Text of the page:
Juggling Atom-Chilling Physics and Immunity Mysteries on the Space Station

Sun's First Rays Burst Through Earth's Atmosphere

The sun’s first rays burst through the Earth’s atmosphere in this photograph from the International Space Station as it orbited 264 miles above the Pacific Ocean northwest of New Zealand. Credit: NASA

Ultra-cold space physics and immunity research were the top science objectives aboard the International Space Station (ISS) on Monday, November 27. The seven-member Expedition 70 crew is also stepping up its cargo operations this week while continuing to maintain lab systems.

The coldest place in the universe may just be the orbital outpost’s Cold Atom Lab, a quantum research device that chills atoms to near absolute zero, lower than the average temperature of space. NASA Flight Engineer Jasmin Moghbeli configured components and installed hardware for a controller test of the facility that provides unique observations of atomic wave functions seen at extremely low temperatures not possible on Earth.

Nile River Winds Through Sudan From ISS

This view of Earth shows the White Nile River leading to the Nile River and winding through the African nation of Sudan. The dark spot at top left, is the Jebel Al Dair National Park containing a variety of mountains in the southern portion of Sudan. Credit: NASA

Moghbeli also assisted Commander Andreas Mogensen inside the Columbus laboratory module setting up the Kubik incubator first thing Monday morning. Next, Mogensen from ESA (European Space Agency) collected and processed his blood and saliva samples for the Immunity Assay biology study that is exploring cellular immunity in space. Afterward, he placed a set of samples inside a science freezer and placed another set inside Kubik for later analysis.

Astronauts Loral O’Hara and Satoshi Furukawa focused mainly on maintenance throughout Monday. O’Hara spent the afternoon inspecting the COLBERT treadmill in the Tranquility module. She photographed and cleaned components, checked pin alignment and treadmill slats, and greased axles. Furukawa from JAXA (Japan Aerospace Exploration Agency) worked in the Kibo laboratory module servicing gear that cools and rejects heat from equipment to ensure a safe operating environment aboard the space station.

Tokyo City Lights From ISS

The vibrant city lights of Tokyo were pictured from the International Space Station as it orbited 261 miles above. Credit: NASA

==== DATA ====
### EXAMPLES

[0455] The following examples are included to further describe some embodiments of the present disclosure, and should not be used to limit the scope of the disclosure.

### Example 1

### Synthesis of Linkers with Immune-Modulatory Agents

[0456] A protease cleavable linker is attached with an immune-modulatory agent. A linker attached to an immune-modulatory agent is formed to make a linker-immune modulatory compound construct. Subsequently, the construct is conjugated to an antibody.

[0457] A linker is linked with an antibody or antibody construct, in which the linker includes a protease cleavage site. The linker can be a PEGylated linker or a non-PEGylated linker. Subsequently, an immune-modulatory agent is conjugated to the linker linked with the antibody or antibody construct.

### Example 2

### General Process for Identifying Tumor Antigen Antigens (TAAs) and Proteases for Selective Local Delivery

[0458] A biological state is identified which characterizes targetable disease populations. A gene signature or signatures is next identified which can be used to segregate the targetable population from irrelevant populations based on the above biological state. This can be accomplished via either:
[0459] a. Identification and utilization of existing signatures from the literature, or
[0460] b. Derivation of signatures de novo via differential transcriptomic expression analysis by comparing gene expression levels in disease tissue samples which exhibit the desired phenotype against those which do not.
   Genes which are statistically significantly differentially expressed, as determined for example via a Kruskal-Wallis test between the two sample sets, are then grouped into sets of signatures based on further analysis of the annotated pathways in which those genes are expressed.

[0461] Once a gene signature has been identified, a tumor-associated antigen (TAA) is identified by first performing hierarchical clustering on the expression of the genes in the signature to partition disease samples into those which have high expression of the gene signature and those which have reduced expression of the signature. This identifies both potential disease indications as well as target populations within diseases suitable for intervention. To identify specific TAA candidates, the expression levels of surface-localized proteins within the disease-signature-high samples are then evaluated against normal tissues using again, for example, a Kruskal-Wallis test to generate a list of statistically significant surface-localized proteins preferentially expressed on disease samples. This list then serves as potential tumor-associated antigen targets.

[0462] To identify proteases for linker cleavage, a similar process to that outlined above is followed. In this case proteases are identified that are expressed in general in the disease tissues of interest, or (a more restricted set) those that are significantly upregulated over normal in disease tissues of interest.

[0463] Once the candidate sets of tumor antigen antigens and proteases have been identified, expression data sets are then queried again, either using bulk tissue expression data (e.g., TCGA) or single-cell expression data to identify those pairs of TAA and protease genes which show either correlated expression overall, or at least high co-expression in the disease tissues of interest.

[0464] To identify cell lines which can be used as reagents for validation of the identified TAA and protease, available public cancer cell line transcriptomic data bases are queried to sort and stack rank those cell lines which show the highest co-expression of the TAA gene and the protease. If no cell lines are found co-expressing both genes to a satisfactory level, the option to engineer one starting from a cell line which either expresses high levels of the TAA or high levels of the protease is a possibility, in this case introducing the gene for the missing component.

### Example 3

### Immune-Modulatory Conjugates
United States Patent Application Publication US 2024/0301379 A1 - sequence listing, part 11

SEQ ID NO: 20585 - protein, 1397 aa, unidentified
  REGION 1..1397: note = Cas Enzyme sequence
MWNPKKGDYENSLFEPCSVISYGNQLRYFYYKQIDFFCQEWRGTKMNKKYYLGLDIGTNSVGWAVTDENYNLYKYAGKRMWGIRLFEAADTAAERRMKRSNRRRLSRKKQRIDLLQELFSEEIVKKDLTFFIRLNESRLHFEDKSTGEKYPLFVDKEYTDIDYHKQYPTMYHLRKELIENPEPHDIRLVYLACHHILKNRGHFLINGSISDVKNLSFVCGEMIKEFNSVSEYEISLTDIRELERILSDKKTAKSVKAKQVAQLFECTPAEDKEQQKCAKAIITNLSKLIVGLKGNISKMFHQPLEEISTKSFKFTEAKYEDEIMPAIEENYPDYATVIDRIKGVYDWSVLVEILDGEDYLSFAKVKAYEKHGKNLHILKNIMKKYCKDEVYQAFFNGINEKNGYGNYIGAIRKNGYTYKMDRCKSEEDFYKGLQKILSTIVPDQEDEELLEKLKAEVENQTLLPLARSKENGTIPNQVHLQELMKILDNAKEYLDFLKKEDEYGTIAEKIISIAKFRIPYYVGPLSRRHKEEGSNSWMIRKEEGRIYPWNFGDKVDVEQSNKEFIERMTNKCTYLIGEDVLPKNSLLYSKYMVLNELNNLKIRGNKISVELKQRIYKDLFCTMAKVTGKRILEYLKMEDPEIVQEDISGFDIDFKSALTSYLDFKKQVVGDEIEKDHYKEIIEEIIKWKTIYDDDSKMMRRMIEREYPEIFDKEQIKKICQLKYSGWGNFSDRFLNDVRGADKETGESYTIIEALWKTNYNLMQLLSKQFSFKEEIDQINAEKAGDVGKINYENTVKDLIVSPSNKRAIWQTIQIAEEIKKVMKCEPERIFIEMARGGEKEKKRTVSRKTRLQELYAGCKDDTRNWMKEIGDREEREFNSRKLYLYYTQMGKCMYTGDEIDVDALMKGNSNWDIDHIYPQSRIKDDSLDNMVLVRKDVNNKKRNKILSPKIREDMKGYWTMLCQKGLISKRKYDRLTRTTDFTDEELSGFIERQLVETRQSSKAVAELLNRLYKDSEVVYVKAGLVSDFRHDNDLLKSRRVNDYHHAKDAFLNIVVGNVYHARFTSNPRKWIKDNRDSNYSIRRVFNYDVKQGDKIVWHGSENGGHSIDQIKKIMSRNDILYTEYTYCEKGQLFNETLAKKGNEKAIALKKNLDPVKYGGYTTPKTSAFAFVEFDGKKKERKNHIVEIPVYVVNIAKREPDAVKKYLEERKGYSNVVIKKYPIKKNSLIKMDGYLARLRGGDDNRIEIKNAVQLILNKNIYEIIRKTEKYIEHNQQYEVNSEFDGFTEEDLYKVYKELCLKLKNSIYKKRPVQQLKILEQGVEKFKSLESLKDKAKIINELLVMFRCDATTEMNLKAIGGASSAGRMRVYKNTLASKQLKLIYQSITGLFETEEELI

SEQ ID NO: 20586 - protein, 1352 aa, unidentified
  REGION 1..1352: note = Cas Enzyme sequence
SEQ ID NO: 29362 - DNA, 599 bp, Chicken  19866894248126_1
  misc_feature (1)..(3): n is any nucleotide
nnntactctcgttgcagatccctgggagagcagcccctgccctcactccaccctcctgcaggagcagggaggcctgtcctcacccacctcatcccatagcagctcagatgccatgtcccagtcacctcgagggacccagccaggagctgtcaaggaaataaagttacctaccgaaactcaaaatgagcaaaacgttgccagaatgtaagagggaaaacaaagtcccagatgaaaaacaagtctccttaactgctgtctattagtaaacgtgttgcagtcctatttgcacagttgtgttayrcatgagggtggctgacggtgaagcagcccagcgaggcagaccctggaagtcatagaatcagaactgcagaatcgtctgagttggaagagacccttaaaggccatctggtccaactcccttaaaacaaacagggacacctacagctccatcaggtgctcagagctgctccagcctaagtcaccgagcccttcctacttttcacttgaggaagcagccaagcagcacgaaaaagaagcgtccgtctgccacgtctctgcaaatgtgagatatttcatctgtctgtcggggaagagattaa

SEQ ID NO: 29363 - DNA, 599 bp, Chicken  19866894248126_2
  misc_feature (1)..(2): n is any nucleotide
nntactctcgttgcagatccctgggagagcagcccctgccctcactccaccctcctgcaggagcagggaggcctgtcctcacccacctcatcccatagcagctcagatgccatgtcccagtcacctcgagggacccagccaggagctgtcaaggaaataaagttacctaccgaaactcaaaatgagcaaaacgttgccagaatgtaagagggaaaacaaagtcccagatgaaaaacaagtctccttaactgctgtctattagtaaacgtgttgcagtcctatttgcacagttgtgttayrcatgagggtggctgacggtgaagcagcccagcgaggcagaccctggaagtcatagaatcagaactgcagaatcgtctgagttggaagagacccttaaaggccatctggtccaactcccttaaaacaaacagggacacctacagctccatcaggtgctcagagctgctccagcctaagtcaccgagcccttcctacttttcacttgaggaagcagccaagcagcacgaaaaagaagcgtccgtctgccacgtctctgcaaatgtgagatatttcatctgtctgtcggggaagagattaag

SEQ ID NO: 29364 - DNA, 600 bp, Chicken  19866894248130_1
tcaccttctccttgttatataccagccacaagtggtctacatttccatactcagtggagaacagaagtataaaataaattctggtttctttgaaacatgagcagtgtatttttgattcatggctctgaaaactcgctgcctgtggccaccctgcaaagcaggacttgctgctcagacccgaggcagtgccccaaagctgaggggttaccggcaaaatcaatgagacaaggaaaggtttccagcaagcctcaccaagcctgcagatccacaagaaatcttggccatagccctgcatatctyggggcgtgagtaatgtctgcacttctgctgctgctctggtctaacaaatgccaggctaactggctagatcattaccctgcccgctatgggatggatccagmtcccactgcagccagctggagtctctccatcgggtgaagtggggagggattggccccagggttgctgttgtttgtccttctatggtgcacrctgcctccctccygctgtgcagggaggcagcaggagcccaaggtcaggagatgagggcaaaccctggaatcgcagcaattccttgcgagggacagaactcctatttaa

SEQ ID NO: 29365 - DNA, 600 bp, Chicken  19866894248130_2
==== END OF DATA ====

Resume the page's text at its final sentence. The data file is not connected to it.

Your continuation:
Furukawa later partnered with Mogensen and Moghbeli loading cargo inside the SpaceX Dragon spacecraft docked to the Harmony module’s forward port. The Dragon cargo spacecraft arrived on November 11 carrying about 6,500 pounds of gear including advanced science hardware to study laser communications and atmospheric gravity waves. Dragon is due to return to Earth in mid-December packed with hardware and completed science experiments for retrieval and analysis.

The Roscosmos Progress 84 resupply ship will end its mission when it departs on Wednesday after six months docked to the Poisk module. Flight Engineer Nikolai Chub packed trash and discarded gear inside the departing Progress that will reenter the atmosphere above the South Pacific Ocean for a fiery, but safe disposal. It will be replaced when the Progress 86, packed with nearly 5,600 pounds of cargo, launches at 4:25 a.m. EDT on Friday and automatically docks to Poisk at 6:14 a.m. on Sunday.

Veteran cosmonaut Oleg Kononenko started his day pointing a specialized camera toward Earth to gain atmospheric and climatic data. Next, he studied how fluid systems are affected by spaceflight conditions such as electrical and magnetic fields. First-time space flyer Konstantin Borisov began Monday servicing a variety of life support and communications gear. During the afternoon, he collected air samples throughout the station’s Roscosmos modules for chemical analysis.

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